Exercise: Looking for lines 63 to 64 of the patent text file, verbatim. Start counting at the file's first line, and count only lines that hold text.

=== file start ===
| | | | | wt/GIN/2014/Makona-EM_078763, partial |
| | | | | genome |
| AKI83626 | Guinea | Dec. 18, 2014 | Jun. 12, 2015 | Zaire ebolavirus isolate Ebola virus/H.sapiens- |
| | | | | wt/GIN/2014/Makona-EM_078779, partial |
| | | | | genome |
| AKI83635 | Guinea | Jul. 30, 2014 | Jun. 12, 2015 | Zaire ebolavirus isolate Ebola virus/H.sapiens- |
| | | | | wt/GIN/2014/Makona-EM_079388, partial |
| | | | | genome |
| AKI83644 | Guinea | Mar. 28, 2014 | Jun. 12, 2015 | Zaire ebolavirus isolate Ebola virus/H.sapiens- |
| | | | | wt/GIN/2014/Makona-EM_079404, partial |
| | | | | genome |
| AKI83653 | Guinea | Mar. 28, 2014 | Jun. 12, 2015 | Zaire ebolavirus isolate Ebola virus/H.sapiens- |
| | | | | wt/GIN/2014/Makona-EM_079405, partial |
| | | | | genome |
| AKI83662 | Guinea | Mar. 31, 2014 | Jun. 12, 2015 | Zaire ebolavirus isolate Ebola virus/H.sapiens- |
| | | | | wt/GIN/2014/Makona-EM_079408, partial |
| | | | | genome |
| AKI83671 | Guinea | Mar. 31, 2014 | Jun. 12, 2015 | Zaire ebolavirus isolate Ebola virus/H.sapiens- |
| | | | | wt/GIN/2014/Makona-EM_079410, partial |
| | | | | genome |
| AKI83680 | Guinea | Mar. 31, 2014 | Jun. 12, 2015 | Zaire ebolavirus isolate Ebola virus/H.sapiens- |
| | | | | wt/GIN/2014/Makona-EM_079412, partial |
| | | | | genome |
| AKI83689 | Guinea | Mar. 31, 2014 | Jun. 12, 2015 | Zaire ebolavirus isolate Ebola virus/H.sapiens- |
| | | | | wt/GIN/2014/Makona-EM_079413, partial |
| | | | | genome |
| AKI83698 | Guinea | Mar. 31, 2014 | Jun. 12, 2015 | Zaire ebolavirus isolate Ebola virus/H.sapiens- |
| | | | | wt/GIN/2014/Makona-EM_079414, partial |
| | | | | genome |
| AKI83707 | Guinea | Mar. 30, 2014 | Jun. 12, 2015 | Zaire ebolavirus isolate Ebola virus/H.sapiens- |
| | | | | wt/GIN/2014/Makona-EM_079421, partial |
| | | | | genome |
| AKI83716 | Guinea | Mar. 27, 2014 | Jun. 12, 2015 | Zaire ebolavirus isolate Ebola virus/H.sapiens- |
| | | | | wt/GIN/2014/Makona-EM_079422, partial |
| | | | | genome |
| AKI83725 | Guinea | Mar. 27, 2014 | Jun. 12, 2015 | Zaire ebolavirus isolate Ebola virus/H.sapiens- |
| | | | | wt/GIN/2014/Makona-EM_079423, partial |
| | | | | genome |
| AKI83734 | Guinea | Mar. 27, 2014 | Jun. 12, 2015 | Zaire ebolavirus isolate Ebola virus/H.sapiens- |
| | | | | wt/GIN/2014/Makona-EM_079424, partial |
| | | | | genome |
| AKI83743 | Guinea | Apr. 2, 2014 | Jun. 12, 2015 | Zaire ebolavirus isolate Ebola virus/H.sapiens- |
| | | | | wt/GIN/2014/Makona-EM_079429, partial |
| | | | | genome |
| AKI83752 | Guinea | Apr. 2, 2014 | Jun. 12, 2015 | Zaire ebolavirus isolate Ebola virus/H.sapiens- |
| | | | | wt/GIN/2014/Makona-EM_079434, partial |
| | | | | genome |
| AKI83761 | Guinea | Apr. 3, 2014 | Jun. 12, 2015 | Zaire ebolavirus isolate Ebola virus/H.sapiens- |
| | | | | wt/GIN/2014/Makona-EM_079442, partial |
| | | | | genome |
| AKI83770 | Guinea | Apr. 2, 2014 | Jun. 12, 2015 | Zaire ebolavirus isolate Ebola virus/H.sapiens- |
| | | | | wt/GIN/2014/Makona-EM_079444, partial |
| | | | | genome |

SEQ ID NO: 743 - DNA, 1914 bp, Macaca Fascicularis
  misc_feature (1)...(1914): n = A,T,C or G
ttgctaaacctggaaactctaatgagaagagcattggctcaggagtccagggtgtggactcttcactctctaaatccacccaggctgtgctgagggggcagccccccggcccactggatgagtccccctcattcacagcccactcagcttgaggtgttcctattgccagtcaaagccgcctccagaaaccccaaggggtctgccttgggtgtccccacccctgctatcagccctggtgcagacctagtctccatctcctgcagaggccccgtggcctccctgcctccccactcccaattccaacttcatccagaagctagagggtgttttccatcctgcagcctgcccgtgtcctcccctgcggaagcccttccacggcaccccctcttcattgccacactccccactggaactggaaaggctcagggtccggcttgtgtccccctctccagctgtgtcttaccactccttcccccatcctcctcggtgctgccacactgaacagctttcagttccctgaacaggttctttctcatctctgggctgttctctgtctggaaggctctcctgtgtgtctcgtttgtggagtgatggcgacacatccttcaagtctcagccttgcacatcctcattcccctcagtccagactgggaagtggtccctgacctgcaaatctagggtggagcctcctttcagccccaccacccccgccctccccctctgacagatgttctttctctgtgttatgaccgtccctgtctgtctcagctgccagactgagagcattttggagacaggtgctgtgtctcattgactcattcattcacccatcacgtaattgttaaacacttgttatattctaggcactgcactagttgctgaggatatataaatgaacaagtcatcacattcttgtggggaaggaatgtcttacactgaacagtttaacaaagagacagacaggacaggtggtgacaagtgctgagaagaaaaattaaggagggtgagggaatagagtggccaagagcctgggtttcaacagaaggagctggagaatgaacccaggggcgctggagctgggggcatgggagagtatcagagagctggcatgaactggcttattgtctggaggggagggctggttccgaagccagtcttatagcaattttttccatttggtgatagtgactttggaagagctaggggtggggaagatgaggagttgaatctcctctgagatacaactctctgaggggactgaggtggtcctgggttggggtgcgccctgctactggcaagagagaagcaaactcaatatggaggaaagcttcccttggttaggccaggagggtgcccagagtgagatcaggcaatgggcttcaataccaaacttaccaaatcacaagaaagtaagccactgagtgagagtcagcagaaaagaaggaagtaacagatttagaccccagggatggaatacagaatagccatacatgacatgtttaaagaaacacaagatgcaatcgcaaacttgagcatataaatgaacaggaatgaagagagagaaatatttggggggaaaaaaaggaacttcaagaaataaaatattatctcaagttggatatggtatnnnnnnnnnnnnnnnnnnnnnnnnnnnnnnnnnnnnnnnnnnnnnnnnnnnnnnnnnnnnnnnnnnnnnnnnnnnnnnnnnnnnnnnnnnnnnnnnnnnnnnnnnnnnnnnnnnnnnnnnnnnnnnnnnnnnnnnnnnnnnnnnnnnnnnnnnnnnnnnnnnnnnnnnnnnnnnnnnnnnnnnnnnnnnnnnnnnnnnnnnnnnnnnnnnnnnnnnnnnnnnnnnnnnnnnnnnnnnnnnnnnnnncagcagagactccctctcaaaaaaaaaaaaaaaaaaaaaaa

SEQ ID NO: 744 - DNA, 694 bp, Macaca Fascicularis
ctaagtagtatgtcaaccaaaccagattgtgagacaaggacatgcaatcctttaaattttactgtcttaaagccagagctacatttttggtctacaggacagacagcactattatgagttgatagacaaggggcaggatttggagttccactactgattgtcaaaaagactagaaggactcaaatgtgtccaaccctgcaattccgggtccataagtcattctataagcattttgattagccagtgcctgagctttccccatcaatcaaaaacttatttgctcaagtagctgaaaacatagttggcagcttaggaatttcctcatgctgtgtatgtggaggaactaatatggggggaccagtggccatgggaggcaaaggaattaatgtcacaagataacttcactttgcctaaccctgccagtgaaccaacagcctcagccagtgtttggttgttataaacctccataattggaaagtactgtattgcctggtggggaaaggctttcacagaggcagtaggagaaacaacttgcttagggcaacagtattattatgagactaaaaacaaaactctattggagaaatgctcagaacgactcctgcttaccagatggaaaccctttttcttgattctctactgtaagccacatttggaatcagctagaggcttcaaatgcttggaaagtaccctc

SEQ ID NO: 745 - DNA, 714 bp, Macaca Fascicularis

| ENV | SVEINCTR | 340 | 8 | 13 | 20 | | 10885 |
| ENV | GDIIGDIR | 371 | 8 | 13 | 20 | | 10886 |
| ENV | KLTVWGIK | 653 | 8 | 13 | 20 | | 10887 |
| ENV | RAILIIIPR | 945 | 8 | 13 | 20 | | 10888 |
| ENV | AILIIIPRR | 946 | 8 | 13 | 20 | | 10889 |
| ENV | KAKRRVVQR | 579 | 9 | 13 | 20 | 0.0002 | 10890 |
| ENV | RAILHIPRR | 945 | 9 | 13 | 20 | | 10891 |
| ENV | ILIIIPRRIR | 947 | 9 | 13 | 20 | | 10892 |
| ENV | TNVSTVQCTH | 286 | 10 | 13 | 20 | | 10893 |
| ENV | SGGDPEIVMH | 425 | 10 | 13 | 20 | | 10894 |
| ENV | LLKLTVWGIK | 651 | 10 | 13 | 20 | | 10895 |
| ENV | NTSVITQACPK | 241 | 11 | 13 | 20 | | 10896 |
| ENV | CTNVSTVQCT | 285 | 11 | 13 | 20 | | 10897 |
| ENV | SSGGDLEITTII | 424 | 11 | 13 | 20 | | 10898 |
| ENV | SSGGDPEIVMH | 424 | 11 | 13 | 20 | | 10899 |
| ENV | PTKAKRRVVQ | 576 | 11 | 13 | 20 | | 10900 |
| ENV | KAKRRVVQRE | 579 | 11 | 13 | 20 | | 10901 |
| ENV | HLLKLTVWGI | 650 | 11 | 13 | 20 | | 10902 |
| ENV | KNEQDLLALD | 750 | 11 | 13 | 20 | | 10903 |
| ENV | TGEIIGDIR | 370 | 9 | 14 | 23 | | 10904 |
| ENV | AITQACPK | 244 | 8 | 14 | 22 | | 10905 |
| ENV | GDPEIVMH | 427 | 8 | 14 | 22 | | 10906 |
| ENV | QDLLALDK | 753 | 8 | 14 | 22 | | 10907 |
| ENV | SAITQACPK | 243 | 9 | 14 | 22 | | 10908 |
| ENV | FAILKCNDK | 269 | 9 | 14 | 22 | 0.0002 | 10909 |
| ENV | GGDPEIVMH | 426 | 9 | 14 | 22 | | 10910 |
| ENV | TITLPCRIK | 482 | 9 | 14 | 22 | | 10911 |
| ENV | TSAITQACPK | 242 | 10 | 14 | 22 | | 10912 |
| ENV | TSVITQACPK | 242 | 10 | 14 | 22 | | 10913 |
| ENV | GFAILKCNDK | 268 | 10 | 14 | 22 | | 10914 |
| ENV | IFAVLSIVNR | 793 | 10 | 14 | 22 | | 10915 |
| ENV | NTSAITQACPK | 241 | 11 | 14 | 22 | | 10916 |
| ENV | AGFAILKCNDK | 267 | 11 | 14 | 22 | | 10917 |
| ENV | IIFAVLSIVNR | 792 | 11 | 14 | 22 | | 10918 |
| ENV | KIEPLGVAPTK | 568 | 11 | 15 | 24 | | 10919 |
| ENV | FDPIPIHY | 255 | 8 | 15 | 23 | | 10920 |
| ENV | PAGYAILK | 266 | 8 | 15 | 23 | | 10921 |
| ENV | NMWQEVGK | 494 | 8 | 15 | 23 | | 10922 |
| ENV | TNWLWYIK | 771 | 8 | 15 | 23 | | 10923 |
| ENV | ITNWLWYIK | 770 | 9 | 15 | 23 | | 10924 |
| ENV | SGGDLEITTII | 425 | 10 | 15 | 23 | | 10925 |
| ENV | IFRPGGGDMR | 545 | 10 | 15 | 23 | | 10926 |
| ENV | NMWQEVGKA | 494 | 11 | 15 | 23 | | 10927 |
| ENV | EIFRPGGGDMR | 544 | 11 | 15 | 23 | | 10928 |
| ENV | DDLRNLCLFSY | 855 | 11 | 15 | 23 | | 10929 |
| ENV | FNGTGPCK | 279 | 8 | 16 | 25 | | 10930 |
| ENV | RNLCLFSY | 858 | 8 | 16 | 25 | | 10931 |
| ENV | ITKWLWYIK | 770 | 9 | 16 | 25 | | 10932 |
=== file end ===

| ENV | RAILIIIPR | 945 | 8 | 13 | 20 | | 10888 |
| ENV | AILIIIPRR | 946 | 8 | 13 | 20 | | 10889 |